Bob Dylan takes fans off The Beaten Path in this London exhibition

The Nobel Prize Laureate and folk icon turns his hand to painting for ‘The Beaten Path’

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Bob Dylan may have been hogging the headlines for his Nobel Prize win recently, however, it’s his paintings, not his poetry, that are the subject of a new exhibition in London. Consisting of 200 recent paintings that express his vision of the United States, its landscapes, and its culture, ‘The Beaten Path’ will be on show at the Halcyon Gallery in Mayfair until December 11th.

“It’s a great honour for us hosting the exhibition and for him to have received that honour at the same time”, gallery director Paul Green told AFP.

Bob Dylan started in the visual arts in the early 1960s, when he created the album cover of Music from Big Pink by the Canadian band, The Band, and carried on until today, with many successful shows behind him.

‘The Beaten Path’ takes its name from the show’s portrayal of the singer’s journey across all four corners of the United States, from its megalopolis to its immense desert plains. “The common theme of these works having something to do with the American landscape – how you see it while crisscrossing the land and seeing it for what it’s worth. Staying out of the mainstream and traveling the back roads, free-born style. I believe that the key to the future is in the remnants of the past”, explained the artist in an introductory text of the exhibition.

As such, in San Francisco, Dylan chose to immortalise a seafood merchant rather than the typical Victorian houses or skyscrapers which he “chose” not to see. “The San Francisco Chinatown street stands merely two blocks away from corporate, windowless buildings. But these cold giant structures have no meaning for me in the world that I see or choose to see or be a part of or gain entrance to”, he said.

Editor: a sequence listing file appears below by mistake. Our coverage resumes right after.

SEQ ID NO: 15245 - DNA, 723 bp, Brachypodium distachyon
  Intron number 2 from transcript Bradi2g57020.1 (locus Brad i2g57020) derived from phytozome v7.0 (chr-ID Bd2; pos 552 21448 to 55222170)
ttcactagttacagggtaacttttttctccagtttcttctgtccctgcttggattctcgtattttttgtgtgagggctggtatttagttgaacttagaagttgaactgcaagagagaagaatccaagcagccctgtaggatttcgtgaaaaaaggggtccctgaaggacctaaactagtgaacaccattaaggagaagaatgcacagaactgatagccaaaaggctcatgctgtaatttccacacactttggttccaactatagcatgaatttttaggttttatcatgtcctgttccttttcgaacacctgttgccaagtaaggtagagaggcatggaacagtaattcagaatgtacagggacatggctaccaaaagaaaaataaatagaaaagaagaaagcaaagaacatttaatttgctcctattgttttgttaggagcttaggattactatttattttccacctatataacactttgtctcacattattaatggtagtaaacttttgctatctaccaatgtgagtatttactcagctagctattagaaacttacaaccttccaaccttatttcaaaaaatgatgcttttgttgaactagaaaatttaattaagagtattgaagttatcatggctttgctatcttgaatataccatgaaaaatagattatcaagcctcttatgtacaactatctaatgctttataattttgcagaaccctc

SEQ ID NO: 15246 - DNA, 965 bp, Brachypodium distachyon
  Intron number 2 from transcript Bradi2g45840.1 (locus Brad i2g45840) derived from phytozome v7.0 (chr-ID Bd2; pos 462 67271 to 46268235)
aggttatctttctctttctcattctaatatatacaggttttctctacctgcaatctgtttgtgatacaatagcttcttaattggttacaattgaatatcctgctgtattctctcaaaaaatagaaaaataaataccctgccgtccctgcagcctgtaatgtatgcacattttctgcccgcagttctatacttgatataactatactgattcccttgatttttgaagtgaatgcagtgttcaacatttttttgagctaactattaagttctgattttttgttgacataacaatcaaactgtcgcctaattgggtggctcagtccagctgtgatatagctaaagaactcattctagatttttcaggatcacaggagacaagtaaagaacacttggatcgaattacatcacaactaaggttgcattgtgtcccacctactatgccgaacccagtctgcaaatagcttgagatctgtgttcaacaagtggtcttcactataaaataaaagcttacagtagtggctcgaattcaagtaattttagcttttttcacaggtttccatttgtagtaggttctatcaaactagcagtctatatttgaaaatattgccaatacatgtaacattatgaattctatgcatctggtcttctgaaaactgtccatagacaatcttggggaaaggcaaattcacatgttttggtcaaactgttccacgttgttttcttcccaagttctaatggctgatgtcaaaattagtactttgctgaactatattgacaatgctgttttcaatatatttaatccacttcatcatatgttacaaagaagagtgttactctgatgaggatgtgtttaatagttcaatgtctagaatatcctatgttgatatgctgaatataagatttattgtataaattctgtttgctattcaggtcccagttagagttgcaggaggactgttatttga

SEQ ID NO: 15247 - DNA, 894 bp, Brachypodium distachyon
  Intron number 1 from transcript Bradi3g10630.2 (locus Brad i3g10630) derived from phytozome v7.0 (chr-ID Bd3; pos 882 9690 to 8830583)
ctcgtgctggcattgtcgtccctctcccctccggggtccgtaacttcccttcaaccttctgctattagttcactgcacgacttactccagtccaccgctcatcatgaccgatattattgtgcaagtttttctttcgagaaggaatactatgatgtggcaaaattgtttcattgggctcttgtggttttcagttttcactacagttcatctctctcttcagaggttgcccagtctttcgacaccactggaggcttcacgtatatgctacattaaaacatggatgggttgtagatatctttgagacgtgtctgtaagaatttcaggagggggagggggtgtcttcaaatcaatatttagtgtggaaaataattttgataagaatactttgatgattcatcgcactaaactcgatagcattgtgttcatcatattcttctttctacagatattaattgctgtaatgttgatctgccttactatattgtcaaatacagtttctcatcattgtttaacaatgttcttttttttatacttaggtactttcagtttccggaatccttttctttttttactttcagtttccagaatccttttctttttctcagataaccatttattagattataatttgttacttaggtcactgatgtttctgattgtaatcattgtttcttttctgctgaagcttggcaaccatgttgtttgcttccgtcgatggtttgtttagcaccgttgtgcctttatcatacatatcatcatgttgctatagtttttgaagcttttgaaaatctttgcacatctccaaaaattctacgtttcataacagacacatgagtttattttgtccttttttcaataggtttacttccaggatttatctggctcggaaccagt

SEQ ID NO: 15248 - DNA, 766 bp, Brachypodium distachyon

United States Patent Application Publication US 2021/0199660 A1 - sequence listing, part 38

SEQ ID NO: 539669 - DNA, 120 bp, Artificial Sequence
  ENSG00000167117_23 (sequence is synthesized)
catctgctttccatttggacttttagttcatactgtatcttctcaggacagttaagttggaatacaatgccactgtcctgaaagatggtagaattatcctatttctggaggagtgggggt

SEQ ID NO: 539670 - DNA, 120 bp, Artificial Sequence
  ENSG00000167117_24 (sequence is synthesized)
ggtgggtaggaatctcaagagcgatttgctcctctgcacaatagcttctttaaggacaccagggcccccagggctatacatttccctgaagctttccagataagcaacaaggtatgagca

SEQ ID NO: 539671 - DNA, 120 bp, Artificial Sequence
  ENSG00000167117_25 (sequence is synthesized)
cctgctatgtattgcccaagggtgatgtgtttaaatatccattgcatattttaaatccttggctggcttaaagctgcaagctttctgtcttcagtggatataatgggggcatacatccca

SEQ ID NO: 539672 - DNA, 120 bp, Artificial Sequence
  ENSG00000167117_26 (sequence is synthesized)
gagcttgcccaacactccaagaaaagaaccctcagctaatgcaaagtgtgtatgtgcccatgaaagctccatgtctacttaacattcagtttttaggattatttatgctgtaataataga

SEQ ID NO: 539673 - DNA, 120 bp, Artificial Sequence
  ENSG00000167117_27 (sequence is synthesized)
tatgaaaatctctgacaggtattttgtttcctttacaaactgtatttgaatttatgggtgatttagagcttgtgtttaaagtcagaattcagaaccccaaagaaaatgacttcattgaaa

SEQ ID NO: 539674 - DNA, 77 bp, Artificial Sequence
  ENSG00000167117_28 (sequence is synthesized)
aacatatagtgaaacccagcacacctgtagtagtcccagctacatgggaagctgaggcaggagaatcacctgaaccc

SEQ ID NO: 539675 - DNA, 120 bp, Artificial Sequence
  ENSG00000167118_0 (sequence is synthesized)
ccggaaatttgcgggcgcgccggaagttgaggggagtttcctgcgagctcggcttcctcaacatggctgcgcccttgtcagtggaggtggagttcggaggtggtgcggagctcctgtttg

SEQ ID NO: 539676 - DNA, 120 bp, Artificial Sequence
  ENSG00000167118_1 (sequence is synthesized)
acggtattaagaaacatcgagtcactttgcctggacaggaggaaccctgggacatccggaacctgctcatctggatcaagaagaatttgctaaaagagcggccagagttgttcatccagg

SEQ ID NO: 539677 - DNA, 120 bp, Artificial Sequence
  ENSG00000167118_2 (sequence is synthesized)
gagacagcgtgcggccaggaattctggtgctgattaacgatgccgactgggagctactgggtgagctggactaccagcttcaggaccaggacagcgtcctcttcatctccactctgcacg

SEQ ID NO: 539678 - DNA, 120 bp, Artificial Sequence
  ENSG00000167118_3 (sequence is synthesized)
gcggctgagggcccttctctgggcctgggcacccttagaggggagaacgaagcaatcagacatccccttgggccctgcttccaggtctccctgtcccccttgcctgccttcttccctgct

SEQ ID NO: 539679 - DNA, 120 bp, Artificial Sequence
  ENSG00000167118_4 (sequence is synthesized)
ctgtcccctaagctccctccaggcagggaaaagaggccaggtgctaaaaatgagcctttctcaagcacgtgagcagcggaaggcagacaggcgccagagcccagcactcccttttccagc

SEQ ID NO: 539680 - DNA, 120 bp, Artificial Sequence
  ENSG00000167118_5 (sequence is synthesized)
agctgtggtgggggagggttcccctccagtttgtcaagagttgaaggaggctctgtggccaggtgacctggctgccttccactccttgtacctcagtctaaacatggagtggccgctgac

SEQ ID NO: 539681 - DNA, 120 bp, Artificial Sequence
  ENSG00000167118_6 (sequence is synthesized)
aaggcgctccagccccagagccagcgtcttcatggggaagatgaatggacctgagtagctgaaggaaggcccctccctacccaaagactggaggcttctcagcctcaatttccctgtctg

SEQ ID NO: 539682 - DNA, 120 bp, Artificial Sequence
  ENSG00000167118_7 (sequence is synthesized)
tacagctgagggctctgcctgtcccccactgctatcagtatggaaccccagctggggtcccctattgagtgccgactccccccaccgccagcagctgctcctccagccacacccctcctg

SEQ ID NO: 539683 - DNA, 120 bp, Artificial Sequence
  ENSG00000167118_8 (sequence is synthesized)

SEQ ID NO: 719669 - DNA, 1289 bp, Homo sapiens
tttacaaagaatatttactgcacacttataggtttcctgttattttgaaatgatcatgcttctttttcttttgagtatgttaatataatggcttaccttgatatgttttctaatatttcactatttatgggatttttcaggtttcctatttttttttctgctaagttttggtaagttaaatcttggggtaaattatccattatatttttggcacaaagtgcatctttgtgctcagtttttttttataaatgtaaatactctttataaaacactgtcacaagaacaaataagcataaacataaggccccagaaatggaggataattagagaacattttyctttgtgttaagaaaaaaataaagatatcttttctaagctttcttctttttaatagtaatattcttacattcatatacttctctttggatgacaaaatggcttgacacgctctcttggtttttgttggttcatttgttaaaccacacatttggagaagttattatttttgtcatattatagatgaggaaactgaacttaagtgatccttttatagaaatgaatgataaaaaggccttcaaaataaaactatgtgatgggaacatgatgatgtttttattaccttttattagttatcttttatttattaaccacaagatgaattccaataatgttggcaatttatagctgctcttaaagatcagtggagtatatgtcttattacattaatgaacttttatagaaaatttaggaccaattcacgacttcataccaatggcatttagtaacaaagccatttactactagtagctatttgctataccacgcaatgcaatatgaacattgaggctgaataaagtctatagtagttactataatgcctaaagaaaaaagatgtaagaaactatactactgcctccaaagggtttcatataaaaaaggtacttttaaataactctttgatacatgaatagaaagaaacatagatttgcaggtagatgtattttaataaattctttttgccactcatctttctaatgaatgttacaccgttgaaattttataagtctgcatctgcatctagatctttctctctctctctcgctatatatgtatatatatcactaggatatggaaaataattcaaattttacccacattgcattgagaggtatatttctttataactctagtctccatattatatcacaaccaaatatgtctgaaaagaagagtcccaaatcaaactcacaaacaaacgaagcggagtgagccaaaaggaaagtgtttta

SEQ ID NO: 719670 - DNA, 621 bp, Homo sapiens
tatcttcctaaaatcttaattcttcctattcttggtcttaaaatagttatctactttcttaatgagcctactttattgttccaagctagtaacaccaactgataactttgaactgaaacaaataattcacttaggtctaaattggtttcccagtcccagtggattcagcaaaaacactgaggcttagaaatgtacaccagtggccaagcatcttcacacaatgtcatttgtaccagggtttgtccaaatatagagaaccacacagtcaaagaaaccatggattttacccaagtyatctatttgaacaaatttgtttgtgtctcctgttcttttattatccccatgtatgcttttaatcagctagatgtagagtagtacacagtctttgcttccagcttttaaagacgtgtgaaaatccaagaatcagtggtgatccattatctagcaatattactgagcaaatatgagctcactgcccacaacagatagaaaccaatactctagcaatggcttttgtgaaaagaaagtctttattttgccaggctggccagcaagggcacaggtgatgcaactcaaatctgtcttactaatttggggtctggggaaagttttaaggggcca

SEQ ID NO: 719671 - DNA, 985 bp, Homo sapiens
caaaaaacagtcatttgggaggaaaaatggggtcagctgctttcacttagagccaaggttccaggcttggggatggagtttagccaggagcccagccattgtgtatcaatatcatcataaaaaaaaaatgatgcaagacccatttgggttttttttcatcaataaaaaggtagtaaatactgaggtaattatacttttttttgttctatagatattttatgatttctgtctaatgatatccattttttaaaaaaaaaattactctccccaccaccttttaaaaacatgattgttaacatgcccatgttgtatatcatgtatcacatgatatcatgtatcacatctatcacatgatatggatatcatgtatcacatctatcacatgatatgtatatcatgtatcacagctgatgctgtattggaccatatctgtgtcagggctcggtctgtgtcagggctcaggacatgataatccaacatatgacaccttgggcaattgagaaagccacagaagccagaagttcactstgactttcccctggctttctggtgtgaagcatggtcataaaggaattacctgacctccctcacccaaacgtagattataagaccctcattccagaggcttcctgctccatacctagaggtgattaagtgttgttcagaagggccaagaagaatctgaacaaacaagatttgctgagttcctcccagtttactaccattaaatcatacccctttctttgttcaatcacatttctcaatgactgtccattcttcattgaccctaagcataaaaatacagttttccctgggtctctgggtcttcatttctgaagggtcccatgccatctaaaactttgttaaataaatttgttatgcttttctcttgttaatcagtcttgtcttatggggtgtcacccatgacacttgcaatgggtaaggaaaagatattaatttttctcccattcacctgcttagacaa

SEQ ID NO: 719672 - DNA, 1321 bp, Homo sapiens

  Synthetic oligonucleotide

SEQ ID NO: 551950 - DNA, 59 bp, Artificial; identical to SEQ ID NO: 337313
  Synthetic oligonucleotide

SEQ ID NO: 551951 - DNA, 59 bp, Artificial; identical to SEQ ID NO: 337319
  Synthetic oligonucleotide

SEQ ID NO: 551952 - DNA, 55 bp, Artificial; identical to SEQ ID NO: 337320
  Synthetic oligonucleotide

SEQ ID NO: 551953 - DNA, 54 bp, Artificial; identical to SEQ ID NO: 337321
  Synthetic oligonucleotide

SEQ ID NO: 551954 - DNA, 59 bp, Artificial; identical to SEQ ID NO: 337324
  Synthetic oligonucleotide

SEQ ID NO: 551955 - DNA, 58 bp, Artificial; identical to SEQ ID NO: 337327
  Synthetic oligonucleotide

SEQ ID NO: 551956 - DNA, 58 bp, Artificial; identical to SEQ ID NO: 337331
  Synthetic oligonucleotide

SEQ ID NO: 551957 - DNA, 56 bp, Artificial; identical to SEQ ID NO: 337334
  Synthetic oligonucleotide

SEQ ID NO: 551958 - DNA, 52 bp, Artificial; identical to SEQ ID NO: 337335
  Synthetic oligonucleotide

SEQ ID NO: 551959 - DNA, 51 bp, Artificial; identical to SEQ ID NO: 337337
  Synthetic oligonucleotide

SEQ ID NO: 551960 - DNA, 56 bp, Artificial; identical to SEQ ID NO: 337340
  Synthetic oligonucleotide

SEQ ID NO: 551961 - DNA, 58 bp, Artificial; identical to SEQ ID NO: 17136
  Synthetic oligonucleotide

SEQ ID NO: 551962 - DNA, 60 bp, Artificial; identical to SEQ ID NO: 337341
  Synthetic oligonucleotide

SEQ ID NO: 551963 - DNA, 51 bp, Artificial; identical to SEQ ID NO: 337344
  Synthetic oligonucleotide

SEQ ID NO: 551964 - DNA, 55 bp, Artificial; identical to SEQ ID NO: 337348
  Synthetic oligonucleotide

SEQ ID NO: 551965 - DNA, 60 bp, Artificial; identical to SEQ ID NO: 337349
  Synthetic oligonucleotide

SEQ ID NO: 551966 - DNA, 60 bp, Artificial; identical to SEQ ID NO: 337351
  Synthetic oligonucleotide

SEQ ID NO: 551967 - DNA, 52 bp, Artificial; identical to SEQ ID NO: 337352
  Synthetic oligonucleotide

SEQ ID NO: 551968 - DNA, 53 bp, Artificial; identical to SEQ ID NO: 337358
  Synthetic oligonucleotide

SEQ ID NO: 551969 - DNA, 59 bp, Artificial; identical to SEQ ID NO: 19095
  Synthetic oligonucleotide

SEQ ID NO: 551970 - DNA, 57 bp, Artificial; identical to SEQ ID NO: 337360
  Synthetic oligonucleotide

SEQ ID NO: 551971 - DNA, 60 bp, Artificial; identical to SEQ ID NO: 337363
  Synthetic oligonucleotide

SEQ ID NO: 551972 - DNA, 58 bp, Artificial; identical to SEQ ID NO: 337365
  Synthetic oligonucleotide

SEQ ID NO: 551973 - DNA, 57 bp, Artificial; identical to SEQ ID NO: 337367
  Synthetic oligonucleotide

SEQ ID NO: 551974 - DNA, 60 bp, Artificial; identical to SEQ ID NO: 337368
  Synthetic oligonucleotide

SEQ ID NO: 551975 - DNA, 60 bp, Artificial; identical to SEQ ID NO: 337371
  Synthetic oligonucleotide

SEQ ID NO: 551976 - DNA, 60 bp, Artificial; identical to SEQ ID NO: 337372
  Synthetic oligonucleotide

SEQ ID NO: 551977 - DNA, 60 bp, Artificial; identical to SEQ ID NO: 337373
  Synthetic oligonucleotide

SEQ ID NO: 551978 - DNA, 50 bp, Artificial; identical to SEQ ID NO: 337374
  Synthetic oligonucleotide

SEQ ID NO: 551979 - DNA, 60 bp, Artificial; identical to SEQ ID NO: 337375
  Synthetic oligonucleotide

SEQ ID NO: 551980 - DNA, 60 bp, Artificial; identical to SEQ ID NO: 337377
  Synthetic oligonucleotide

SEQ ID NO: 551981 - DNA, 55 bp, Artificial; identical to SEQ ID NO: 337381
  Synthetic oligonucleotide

All of his paintings show a much friendlier America than the one presently showing in the news. We can see Manhattan Bridge, with its imposing metallic structure lying between two blocks of red brick and Roy’s Motel, on the famous Route 66, which Dylan brought back to life using an almost comical and quick brush.

The exhibition is well organised in a few open rooms. As well as his latest work, we can also find pieces from Dylan’s previous shows: ‘Mood Swings’ (2013), a collection of iron-work, and ‘The Drawn Blank Series’ (2010), a series of paintings on canvas. In one of the rooms appears a short video of the artist’s life accompanied by a selection of Dylan’s best tracks, adding a nostalgic element to the visit. One of the main works of the exhibition, ‘Endless Highway’, magnificent and grand in size, could be seen as an allegory of his life as an artist: always on the road, between two cities, between two hotels.

However, it’s the close and personal character of the pictures that proves more interesting. The singer-songwriter is known for having the cold and distant attitude of a man that has all the answers but will not share them. His mind is too lyrical to speak with common words. Dylan’s use of perspective- grounded, looking up at the scene comes across as an invitation to join him on his tour around America and to see the world as he sees it; we are no longer outsiders, but colleagues.

The Beaten Path is at the Halcyon Gallery until 11 December 2016.
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